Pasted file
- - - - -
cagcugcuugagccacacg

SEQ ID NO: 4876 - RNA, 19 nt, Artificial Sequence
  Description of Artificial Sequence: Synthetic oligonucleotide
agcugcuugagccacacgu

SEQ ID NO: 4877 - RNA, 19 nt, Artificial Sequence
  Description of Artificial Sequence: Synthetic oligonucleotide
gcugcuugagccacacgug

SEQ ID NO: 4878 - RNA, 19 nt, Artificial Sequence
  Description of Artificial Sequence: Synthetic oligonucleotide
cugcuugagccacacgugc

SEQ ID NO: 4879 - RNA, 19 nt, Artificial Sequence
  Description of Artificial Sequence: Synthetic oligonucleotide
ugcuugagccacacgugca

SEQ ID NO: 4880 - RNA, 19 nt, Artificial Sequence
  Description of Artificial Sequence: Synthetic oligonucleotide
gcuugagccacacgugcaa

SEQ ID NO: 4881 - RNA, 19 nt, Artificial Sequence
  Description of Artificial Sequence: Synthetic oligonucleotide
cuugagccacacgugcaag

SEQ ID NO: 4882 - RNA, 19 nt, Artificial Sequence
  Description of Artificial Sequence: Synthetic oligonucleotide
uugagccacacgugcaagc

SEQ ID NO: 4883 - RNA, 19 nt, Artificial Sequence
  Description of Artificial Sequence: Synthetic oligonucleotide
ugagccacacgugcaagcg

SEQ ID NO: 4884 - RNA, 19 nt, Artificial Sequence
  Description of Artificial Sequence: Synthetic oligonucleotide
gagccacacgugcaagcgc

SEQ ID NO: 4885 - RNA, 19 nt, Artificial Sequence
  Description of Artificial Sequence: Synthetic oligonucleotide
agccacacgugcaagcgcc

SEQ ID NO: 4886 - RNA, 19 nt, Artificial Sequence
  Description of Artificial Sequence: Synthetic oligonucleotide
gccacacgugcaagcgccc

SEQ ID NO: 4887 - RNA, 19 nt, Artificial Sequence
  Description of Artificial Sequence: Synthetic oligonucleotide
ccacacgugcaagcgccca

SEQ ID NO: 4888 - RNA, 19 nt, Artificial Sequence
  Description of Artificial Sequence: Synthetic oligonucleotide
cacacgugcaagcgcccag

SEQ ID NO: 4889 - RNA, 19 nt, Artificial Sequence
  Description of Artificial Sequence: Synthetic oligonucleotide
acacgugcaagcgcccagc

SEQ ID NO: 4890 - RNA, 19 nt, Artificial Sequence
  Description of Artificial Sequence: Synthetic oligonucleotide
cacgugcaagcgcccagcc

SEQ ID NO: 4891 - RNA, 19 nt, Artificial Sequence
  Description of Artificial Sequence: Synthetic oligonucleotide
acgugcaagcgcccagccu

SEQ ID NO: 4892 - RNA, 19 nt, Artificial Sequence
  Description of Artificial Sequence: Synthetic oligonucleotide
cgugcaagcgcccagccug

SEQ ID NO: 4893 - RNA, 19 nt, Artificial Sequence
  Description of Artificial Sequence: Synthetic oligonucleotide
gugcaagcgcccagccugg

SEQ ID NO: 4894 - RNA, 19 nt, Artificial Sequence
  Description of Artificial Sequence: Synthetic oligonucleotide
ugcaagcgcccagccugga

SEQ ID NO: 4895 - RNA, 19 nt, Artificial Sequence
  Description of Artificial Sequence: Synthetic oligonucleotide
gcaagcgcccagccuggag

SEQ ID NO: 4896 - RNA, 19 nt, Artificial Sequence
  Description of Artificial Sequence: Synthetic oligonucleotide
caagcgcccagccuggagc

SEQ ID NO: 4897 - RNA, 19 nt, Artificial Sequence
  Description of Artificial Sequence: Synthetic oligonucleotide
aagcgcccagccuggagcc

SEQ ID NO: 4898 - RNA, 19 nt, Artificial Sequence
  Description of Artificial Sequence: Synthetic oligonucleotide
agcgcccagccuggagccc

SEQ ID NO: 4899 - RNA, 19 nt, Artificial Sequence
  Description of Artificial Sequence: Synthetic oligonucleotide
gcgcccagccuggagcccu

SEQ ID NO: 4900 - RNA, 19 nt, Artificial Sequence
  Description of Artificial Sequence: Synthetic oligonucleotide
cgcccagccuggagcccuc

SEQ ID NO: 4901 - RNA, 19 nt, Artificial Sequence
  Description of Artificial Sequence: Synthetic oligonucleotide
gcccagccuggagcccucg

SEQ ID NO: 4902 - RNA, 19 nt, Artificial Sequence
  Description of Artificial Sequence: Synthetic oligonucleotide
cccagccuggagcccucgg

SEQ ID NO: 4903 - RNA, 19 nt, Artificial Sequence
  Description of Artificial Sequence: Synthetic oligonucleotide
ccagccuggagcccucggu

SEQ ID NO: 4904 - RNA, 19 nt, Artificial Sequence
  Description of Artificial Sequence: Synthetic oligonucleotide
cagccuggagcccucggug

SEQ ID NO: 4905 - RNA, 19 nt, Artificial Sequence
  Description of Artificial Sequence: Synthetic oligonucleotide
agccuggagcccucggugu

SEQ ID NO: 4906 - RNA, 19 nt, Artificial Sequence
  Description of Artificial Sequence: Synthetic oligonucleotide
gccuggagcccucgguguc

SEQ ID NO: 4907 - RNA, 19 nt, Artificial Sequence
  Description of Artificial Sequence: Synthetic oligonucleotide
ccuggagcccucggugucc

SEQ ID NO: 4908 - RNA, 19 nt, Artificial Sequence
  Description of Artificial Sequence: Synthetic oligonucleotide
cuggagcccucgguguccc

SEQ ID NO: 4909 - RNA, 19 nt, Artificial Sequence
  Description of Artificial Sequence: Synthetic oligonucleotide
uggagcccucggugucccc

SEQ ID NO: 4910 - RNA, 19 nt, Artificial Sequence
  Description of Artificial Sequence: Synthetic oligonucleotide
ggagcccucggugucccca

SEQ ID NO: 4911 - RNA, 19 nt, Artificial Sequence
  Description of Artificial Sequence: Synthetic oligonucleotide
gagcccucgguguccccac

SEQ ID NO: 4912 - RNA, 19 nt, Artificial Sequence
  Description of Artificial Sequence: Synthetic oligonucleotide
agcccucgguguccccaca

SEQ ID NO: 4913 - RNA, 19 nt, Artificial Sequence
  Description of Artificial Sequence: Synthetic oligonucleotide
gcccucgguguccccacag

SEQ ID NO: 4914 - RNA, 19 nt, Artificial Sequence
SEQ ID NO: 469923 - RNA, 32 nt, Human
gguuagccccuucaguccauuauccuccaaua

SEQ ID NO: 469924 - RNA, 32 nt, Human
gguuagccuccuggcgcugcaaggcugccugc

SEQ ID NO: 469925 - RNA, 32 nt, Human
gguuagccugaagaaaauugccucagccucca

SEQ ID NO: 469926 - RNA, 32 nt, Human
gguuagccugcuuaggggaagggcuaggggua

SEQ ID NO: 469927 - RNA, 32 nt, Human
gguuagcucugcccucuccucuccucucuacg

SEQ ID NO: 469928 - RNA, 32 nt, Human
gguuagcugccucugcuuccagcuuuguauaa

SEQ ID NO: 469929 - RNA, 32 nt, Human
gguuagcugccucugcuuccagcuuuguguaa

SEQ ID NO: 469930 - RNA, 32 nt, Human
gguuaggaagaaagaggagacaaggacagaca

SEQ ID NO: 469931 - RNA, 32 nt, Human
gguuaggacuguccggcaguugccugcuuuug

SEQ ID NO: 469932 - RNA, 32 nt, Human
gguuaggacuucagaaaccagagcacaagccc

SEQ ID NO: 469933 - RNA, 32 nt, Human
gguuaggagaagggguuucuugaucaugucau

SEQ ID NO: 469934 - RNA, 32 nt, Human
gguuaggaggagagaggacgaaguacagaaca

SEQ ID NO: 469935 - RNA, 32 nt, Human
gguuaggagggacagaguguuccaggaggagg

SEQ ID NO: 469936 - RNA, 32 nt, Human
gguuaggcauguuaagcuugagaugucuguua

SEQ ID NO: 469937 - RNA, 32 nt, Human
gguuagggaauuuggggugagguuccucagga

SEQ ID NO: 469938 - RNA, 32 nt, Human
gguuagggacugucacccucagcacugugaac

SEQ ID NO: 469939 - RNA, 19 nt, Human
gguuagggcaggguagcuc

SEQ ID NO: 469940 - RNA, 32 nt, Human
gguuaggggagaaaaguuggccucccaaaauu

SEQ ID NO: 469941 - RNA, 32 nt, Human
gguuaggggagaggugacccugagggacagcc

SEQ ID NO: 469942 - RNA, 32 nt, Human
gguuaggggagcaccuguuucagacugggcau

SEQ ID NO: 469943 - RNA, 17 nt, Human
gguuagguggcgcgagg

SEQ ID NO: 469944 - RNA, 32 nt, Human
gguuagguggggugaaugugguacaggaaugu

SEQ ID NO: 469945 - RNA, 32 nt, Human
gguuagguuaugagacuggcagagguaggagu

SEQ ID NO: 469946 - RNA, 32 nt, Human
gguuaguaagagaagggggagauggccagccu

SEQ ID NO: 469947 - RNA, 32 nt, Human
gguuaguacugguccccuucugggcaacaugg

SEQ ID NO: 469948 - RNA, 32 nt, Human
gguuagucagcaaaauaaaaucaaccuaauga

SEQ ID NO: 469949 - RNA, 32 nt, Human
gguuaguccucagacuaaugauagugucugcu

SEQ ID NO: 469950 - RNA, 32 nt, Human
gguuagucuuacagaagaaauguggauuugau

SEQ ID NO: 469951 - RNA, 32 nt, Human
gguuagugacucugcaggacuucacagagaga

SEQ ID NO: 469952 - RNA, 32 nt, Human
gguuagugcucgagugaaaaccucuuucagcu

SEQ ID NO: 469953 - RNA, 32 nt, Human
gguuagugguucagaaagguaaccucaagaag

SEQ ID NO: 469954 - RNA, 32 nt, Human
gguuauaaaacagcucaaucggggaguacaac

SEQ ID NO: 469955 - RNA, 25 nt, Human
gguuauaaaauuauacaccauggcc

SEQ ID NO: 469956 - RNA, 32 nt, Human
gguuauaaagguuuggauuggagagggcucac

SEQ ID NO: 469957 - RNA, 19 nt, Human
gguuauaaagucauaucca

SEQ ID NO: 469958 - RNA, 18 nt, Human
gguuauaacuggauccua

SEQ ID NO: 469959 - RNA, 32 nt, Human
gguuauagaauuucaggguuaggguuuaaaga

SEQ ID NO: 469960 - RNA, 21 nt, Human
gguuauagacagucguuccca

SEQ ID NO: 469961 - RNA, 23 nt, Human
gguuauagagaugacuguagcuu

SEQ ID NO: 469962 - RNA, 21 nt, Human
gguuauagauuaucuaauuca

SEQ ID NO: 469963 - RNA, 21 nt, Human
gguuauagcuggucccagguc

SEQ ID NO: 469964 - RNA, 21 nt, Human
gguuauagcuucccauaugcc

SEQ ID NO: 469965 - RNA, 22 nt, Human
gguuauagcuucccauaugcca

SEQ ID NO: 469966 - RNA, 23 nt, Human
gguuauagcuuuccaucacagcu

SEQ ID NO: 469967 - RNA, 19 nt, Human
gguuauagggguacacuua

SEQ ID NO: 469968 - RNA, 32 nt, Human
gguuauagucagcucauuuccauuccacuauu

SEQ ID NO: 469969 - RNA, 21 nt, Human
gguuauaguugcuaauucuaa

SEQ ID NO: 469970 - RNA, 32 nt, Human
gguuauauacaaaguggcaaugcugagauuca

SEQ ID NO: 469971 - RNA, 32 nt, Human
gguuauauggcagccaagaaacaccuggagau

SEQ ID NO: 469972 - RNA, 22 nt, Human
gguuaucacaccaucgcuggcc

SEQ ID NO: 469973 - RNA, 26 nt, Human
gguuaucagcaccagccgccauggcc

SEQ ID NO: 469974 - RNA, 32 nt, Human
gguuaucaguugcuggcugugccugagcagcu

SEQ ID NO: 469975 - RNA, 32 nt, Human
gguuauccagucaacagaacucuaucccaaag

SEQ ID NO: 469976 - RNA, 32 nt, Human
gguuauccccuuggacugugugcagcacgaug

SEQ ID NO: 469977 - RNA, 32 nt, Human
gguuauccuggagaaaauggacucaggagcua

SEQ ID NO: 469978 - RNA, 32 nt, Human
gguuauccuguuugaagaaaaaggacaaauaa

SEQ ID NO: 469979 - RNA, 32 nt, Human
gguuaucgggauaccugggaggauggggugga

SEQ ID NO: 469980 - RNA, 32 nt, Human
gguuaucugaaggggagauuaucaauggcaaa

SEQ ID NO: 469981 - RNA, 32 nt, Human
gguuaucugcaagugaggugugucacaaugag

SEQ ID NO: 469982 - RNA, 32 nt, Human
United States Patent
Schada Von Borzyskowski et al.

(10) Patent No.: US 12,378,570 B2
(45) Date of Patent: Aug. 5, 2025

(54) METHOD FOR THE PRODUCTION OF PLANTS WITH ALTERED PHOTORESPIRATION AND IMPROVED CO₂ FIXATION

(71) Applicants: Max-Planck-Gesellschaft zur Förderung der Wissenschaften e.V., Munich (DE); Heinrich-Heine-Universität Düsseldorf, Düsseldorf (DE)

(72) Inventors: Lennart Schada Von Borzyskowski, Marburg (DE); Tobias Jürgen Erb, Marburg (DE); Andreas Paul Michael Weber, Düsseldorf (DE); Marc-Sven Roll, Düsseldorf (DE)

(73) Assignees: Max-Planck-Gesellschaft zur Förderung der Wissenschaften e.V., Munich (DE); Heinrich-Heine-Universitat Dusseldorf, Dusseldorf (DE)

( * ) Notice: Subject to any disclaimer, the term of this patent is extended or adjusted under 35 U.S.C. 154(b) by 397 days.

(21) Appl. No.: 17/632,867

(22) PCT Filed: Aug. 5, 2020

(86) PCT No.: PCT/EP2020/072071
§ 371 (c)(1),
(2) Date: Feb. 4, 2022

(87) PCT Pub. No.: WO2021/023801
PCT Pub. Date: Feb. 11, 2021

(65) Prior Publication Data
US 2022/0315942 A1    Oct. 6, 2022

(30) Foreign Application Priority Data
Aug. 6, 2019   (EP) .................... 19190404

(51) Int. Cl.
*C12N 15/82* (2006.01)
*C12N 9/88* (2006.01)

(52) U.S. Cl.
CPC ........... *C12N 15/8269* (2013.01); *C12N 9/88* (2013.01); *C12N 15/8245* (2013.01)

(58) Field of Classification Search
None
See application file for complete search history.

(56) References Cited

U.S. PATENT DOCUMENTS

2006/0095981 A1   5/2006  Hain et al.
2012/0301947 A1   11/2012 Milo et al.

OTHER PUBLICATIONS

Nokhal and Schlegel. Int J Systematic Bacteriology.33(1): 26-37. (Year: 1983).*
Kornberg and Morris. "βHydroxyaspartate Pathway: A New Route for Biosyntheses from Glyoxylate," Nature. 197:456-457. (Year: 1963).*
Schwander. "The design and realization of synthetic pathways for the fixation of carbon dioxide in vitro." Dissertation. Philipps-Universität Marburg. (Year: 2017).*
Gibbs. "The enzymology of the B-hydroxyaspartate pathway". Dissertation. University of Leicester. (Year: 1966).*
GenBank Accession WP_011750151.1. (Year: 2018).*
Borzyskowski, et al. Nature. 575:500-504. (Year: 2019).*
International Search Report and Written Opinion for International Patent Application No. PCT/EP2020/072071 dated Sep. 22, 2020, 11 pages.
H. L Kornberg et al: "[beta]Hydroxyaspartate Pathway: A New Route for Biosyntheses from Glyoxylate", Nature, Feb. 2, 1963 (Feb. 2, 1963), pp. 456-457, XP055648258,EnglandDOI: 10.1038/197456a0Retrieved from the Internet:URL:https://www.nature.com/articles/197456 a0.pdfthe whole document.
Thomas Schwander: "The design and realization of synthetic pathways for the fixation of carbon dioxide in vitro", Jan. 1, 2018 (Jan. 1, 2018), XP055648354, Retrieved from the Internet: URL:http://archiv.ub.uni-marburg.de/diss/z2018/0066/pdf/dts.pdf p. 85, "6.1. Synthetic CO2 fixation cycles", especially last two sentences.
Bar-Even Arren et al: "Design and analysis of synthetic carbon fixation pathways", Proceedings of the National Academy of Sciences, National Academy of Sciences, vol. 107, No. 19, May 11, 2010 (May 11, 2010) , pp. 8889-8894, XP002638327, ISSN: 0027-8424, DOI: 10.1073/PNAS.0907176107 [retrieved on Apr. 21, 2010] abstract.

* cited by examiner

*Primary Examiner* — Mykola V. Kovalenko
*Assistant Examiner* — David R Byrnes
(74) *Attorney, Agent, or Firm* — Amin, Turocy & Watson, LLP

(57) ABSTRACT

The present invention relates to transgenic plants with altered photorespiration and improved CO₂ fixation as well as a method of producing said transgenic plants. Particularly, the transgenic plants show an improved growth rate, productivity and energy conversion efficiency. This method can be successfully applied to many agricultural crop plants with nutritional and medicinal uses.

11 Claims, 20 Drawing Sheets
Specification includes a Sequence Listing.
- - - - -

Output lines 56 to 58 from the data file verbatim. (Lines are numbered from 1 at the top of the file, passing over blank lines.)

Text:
SEQ ID NO: 4894 - RNA, 19 nt, Artificial Sequence
  Description of Artificial Sequence: Synthetic oligonucleotide
ugcaagcgcccagccugga